New play tells story of African-American lesbian who draws her inspiration from Natalie Portman
Natalie Portman’s iconic film roles have provided the inspiration for a new play about a 16-year-old African-American lesbian set to debut off-Broadway in February.
All The Natalie Portmans tells the story of lesbian Keyonna. She and her older brother Samuel find themselves on the brink of eviction, which leads Keyonna to escape into a world of romantic comedies, red carpets and Natalie Portman’s films.
Keyonna is described as too smart, “too gay,” and too lonely to fit in – but she is finally forced to confront her demons when the many Natalie Portmans from different films start talking back to her.
All The Natalie Portmans will debut off-Broadway in February.
The play – which is written by C.A. Johnson – will make its world premiere with MCC Theatre this February, Broadway.com reports.
The cast includes Tony nominee Montego Glover as Ovetta, Kara Young as Keyonna, Elise Kibler as Natalie Portman, Joshua Boone as Samuel and Renika Williams as Chantel.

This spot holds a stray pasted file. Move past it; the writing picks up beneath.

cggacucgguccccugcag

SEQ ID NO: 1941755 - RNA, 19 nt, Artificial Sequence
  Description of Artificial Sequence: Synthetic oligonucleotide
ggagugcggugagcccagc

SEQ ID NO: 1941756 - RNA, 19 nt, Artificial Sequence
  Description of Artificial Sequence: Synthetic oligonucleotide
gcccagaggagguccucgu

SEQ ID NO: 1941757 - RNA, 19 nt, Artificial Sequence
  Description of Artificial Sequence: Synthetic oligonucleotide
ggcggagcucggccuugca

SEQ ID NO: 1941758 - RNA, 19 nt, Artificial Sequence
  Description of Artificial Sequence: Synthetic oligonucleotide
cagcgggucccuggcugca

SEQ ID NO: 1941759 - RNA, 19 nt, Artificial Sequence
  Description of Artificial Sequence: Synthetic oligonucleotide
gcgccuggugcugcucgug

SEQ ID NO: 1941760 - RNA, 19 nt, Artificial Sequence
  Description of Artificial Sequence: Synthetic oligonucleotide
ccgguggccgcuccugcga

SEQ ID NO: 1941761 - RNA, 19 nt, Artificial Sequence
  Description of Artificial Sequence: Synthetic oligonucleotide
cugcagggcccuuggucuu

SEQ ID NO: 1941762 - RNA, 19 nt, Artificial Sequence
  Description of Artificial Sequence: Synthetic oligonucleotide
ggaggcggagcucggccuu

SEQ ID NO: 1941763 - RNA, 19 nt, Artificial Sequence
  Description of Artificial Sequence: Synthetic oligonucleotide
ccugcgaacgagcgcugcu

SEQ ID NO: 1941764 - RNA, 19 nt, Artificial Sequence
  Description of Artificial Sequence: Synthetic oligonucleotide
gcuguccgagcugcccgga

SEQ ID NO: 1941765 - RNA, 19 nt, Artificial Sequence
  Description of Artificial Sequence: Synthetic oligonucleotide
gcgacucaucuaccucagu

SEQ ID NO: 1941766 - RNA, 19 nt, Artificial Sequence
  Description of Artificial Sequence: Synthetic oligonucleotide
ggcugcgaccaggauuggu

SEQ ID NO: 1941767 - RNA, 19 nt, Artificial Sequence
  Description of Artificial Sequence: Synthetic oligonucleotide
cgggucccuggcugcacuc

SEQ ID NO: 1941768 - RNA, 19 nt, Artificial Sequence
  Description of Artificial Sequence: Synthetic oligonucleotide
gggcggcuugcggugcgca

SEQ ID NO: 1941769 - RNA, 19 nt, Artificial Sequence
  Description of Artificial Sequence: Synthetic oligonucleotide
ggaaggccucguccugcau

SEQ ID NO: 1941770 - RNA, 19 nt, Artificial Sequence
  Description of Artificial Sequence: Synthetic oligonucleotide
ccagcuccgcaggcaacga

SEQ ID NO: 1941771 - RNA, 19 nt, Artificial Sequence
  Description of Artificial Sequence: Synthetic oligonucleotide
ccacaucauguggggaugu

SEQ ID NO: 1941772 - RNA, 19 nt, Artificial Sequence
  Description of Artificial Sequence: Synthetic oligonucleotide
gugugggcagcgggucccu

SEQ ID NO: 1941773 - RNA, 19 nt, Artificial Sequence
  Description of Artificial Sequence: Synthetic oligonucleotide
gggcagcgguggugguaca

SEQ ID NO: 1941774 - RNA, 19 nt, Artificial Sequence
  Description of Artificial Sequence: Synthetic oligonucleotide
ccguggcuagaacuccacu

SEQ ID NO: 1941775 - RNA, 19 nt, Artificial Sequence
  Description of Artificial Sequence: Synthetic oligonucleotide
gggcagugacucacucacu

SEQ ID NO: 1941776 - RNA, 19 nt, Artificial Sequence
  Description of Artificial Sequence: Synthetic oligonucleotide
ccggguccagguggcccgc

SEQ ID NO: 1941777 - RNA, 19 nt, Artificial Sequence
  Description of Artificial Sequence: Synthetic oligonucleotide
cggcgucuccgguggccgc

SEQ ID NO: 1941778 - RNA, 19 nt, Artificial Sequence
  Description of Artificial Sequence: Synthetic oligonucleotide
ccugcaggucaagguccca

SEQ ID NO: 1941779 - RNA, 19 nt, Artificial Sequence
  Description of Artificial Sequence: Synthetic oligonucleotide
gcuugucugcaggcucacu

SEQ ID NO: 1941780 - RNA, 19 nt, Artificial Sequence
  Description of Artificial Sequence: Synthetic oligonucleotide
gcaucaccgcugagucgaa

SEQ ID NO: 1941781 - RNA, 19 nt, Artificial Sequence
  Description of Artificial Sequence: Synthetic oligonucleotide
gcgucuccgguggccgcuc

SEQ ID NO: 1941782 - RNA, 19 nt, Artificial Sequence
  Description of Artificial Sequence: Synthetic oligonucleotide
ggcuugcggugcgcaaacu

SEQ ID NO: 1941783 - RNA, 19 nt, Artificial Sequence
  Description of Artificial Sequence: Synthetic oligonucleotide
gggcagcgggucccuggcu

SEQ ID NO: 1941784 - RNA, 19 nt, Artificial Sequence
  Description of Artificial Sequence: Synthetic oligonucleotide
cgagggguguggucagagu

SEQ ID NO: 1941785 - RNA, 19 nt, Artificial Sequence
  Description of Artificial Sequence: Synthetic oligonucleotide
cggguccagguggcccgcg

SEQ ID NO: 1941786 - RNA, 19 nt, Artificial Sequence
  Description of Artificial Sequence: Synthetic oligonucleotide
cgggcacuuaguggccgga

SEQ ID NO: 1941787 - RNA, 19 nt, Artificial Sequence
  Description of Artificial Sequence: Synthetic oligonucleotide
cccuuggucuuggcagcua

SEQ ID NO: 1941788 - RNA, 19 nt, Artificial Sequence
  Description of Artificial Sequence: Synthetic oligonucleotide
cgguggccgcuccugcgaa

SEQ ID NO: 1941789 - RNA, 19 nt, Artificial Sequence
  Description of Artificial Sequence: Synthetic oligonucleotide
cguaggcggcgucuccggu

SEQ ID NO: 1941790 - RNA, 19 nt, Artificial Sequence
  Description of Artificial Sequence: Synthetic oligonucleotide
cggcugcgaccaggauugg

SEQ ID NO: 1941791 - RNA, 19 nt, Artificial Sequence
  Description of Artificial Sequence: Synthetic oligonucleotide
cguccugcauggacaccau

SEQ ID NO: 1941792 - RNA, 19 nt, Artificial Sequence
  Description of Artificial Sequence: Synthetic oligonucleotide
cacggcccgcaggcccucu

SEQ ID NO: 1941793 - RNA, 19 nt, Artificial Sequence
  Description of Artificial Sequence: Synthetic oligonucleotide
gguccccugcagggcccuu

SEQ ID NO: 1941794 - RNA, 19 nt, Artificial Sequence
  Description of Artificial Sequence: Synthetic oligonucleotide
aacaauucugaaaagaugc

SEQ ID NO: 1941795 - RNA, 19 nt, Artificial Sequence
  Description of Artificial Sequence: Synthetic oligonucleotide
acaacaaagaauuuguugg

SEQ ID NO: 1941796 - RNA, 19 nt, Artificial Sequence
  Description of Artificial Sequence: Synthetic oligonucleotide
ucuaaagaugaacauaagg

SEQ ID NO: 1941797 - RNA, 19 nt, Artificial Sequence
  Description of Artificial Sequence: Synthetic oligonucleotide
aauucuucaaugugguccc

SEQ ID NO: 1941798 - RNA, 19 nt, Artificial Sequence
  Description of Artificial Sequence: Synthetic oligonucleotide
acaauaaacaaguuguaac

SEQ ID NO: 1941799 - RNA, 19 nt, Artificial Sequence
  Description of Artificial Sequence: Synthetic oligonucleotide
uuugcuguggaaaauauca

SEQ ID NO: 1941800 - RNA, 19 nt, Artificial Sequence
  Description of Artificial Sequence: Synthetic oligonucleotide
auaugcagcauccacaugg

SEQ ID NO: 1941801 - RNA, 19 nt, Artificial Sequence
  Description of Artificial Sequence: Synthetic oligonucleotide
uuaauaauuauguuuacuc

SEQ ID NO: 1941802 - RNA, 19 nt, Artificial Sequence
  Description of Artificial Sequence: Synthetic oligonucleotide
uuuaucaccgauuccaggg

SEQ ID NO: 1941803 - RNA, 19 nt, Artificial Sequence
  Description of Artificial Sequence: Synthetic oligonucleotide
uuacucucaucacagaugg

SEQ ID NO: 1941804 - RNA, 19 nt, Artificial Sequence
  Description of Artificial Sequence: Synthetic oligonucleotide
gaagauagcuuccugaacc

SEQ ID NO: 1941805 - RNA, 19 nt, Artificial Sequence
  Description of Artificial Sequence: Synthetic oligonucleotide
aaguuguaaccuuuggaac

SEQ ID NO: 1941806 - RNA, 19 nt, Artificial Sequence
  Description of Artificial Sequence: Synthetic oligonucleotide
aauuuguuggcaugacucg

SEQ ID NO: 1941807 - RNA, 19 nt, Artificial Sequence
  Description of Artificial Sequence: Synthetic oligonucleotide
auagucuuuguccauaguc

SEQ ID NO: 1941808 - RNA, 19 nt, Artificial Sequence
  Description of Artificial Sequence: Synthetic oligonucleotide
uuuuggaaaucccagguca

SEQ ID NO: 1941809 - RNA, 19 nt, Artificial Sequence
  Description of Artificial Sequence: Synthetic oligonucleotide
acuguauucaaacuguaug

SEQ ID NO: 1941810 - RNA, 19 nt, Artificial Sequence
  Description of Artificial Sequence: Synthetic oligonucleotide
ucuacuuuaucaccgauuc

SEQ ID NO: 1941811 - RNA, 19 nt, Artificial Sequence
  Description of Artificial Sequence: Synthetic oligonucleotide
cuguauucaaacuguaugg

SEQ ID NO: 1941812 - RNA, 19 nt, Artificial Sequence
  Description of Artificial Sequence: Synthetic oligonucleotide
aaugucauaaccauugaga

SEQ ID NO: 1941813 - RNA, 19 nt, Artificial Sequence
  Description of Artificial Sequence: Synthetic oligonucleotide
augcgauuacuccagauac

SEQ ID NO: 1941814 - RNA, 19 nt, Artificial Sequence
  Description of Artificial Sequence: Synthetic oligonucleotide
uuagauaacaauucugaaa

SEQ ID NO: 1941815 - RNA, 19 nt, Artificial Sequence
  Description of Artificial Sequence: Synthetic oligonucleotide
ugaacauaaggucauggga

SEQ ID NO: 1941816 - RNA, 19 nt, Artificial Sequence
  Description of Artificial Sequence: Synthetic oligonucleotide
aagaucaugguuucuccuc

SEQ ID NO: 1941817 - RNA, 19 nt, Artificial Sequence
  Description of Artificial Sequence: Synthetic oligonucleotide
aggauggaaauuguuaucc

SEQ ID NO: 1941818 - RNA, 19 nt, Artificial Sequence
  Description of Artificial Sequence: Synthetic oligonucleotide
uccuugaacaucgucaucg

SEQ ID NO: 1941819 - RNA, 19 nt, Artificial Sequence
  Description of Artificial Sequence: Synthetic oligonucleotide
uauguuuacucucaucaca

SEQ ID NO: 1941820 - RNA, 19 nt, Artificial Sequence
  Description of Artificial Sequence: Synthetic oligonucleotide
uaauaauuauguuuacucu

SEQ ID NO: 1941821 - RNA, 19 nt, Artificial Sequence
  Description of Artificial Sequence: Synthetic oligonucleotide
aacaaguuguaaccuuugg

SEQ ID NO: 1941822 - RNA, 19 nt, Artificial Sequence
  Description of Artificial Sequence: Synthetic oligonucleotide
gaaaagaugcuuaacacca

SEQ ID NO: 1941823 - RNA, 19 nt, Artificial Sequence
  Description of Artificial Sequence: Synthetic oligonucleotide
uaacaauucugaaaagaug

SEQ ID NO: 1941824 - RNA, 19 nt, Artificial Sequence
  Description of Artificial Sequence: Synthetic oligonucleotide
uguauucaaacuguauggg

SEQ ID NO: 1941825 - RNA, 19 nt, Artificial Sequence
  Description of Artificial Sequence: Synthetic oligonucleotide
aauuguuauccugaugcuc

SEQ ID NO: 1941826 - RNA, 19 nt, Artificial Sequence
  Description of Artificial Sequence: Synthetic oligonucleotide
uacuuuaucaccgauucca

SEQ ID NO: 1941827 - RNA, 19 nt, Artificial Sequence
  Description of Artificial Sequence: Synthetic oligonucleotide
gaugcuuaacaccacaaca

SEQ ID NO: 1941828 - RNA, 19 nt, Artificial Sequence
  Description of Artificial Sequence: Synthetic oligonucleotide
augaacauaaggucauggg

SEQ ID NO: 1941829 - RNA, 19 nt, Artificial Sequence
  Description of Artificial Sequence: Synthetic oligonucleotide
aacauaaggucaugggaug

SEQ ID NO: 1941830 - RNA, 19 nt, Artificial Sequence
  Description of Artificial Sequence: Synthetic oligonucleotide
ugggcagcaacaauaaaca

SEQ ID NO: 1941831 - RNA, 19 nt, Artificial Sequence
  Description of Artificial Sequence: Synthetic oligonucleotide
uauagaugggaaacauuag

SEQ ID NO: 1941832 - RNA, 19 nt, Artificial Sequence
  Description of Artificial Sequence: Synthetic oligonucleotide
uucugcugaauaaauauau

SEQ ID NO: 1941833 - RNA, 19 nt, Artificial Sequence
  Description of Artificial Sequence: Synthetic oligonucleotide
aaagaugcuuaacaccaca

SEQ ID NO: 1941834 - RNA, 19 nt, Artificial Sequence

Speaking at a press conference this week, playwright Johnson said: “All The Natalie Portmans is a love letter addressed to every queer girl struggling to actualize her dreams and every poor Black family fighting to love one another despite the onslaught,” Playbill reports.
“I’m delighted to work with MCC and hope audiences laugh, cry, and commune with us for weeks to come!”
Portman, who is a vocal LGBT+ ally, has won her fair share of queer fans over the years with her iconic film performances.
Natalie Portman is a vocal LGBT+ ally and has won over queer fans with her film performances.
In 2012, she played a ballerina in Black Swan and won an Academy Award for her performance. In the film, her character had a sex dream about a fellow ballerina, played by Mila Kunis. That scene upset straight people so much that they complained in their droves to the British Board of Film Classification, arguing that the film should have had a higher age rating.
Last year, the actress went to a Women’s March wearing a hat that read: “Make America Gay Again.”
Taking to Instagram, she posted a selfie in a Make America Gay Again hat – as well as a snippet from the Time’s Up letter.
It read: “We seek equal representation, opportunities, benefits and pay for all women workers, not to mention greater representation of women of colour, immigrant women, and lesbian, bisexual and transgender women, whose experiences in the workforce are significantly worse than their white, cisgender, straight peers.”